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Fort Union Trading Post National Historic Site Article

Discover Montana's National Parks through the lens of Brian D’Ambrosio, guest writer

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Located on the Upper Missouri River on the present-day Montana-North Dakota border, Fort Union was the nineteenth century’s most important and longest-surviving fur trading post. Here, American Indians and people of many races created a system of community rule and law that sustained this frontier society. Fort Union affected U.S. relations with Great Britain, whose powerful Hudson’s Bay Company competed for furs on the Upper Missouri, and with the Blackfeet, Crow, Cree, and other Indian tribes. 

In 1828, the trading post called Fort Union was constructed. The new post was built by a joint fur company called the Upper Missouri Outfit. Its builders hoped to take command of the fur trade from the Upper Missouri clear out to the Rockies. The new post would also make an exceptional staging area to launch trapping brigades into the Rocky Mountains. Early in 1830, approximately 120 employees were hired to ascend the Missouri and finish the post. 

Scientists, artists, researchers, and missionaries were frequent visitors to Fort Union. During George Catlin’s trip up the Missouri River in 1832, he visited the trading post and the Knife River Indian villages. On this trip he put to pen the idea that became the inspiration for the National Park System. Pierre Jean De Smet, S.J., a diligent missionary, got along well with the fur traders and visited Fort Union several times between 1840 and 1864. 

Fort Union, the Upper Missouri Outfit’s flagship post, played a commanding role in Upper Missouri affairs for almost four decades. No other trading post within the contiguous United States existed for so long. In the early 1860s, however, disruptions began to shatter the old world of fur traders on the Upper Missouri. The fur traders lost ground economically, politically, and institutionally, not only to entrepreneurial competition, but to the federal government as well. 

There are only four known stereographic photos in existence of Fort Union, one of which shows the bourgeois house in 1867, its final year. Sagging roof beams, deteriorating chimneys, missing window glass—all suggest that the old house had seen better days. 

In 1966, the U.S. Congress designated the site of the old post near Williston, North Dakota, a unit of the National Park Service to commemorate the importance of the western fur trade. By 1995—following years of archaeological excavation and archival research—the fort was almost fully reconstructed.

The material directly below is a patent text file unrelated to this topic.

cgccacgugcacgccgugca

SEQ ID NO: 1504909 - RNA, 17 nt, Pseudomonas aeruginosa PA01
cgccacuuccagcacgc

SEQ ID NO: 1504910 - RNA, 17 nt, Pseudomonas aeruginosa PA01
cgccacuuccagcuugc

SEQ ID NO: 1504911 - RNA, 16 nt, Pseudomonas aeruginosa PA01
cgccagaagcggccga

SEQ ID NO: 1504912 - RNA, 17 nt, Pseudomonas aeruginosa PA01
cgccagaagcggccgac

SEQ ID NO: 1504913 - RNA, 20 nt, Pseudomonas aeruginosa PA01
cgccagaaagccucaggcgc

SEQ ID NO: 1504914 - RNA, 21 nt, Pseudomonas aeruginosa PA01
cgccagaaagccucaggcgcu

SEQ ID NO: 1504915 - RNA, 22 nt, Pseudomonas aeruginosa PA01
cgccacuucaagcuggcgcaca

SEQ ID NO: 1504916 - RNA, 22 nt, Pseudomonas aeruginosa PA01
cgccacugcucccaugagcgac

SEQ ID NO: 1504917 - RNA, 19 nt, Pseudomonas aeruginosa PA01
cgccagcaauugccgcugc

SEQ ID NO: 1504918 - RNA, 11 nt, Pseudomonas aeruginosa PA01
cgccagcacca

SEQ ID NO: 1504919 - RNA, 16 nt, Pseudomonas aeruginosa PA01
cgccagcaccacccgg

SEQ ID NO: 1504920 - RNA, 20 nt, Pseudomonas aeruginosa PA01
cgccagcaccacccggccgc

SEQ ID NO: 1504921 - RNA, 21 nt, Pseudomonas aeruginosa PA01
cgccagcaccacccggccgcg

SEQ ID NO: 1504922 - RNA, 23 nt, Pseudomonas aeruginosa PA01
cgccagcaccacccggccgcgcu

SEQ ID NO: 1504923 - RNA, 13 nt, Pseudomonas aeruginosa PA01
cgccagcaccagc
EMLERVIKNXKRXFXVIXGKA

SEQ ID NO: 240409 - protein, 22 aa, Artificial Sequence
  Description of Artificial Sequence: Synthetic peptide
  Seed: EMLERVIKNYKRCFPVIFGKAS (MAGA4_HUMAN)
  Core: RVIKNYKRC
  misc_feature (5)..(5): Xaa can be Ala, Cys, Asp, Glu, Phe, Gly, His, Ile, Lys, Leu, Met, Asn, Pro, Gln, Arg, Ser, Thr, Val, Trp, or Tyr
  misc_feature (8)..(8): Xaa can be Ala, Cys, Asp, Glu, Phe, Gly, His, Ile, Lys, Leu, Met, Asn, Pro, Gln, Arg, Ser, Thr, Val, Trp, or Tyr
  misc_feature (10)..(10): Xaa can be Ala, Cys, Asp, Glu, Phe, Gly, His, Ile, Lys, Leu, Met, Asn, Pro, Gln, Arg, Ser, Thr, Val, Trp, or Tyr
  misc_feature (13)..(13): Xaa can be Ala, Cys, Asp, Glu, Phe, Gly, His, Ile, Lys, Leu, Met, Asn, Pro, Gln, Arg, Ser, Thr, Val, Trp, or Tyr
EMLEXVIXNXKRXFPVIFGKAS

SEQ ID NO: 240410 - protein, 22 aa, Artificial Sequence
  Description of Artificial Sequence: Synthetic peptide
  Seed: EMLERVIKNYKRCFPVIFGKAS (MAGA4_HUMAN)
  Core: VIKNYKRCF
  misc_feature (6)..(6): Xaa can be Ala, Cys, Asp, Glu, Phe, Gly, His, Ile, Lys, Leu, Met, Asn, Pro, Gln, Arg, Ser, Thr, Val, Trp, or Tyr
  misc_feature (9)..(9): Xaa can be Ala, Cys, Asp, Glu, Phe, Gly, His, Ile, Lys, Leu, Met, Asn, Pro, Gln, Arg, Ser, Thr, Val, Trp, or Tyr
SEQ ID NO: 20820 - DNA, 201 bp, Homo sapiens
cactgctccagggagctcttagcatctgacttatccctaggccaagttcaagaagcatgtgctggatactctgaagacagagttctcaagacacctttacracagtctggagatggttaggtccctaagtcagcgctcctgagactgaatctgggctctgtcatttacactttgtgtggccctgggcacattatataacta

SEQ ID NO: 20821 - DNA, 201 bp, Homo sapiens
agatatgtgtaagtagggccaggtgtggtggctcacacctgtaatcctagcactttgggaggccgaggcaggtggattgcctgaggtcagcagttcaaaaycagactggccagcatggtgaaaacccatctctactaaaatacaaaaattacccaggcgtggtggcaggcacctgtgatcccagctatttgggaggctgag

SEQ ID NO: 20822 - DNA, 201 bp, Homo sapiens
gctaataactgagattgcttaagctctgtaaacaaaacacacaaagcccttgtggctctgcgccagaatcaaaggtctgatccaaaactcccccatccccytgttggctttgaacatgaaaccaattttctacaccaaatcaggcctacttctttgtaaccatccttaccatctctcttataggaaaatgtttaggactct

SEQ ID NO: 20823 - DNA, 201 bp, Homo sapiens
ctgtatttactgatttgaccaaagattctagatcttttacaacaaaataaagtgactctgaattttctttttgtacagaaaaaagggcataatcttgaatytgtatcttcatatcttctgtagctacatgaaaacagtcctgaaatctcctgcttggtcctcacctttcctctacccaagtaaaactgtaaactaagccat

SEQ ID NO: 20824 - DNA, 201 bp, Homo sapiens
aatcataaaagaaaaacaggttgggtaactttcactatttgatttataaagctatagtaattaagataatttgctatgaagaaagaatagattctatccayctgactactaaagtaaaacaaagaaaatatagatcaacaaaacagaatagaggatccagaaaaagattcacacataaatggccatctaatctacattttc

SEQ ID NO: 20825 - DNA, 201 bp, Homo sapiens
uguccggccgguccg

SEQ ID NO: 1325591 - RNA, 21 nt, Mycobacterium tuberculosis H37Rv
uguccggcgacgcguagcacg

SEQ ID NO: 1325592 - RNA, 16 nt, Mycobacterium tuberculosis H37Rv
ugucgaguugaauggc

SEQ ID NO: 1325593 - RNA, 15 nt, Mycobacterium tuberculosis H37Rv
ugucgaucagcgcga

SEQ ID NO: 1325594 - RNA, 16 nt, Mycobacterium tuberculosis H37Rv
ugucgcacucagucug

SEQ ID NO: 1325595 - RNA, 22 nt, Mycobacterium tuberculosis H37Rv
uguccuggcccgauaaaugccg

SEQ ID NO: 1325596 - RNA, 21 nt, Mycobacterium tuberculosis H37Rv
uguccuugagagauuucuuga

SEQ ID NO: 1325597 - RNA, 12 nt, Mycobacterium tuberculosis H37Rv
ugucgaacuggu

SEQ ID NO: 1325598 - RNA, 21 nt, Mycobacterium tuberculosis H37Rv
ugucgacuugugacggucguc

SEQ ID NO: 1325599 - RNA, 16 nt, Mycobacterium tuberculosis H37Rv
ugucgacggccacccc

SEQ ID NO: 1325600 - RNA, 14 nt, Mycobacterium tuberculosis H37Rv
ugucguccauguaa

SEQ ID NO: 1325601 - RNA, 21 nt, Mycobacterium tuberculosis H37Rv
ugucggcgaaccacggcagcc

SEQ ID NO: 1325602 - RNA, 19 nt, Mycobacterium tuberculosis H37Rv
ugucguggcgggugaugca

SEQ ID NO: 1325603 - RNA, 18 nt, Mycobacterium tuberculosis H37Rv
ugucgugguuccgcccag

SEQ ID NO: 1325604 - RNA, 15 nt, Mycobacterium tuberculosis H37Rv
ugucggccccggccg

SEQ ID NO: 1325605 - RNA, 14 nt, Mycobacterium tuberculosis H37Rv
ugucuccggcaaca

Museum curators lead guided walks of the fort’s historic grounds. Many events associated with the post’s history occurred outside the post’s palisade walls, and walks showcase some of these little-known aspects of Fort Union’s history. 

Children and adults may also hike to Bodmer Overlook, where North Dakota’s purple-petaled pasqueflower blooms in the spring. It was most likely from this vantage point that the Swiss artist Karl Bodmer in 1833 sketched what today is one of western North Dakota’s most famous images, Fort Union on the Missouri.
The site’s location offers birders the seasonal passage of an assortment of migratory and nonmigratory birds, including Canada geese and white pelicans. In the winter, golden and bald eagles stop over and prey in the scattered open waters of the river. Smaller species include American goldfinch, lazuli bunting, black-headed grosbeak, and pine siskin.

Fort Union Trading Post is located 24 miles north of Sidney and 25 miles southwest of Williston, North Dakota, via North Dakota Highway 1804. While here, visitors are encouraged to tour the reconstructed fort, trade room, and bourgeois house.

Winter hours are 9 a.m. to 5:30 p.m. (Central Time) daily, except winter holidays, until Memorial Day; summer hours are 8 a.m. to 6:30 p.m. CDT daily until Labor Day. 

Fort Union is free of charge to visit. Stop in at the visitor center to learn about the latest updates, changes, and upcoming events, contact the park at (701) 572-9083, or visit the website at www.nps.gov/fous or on Facebook.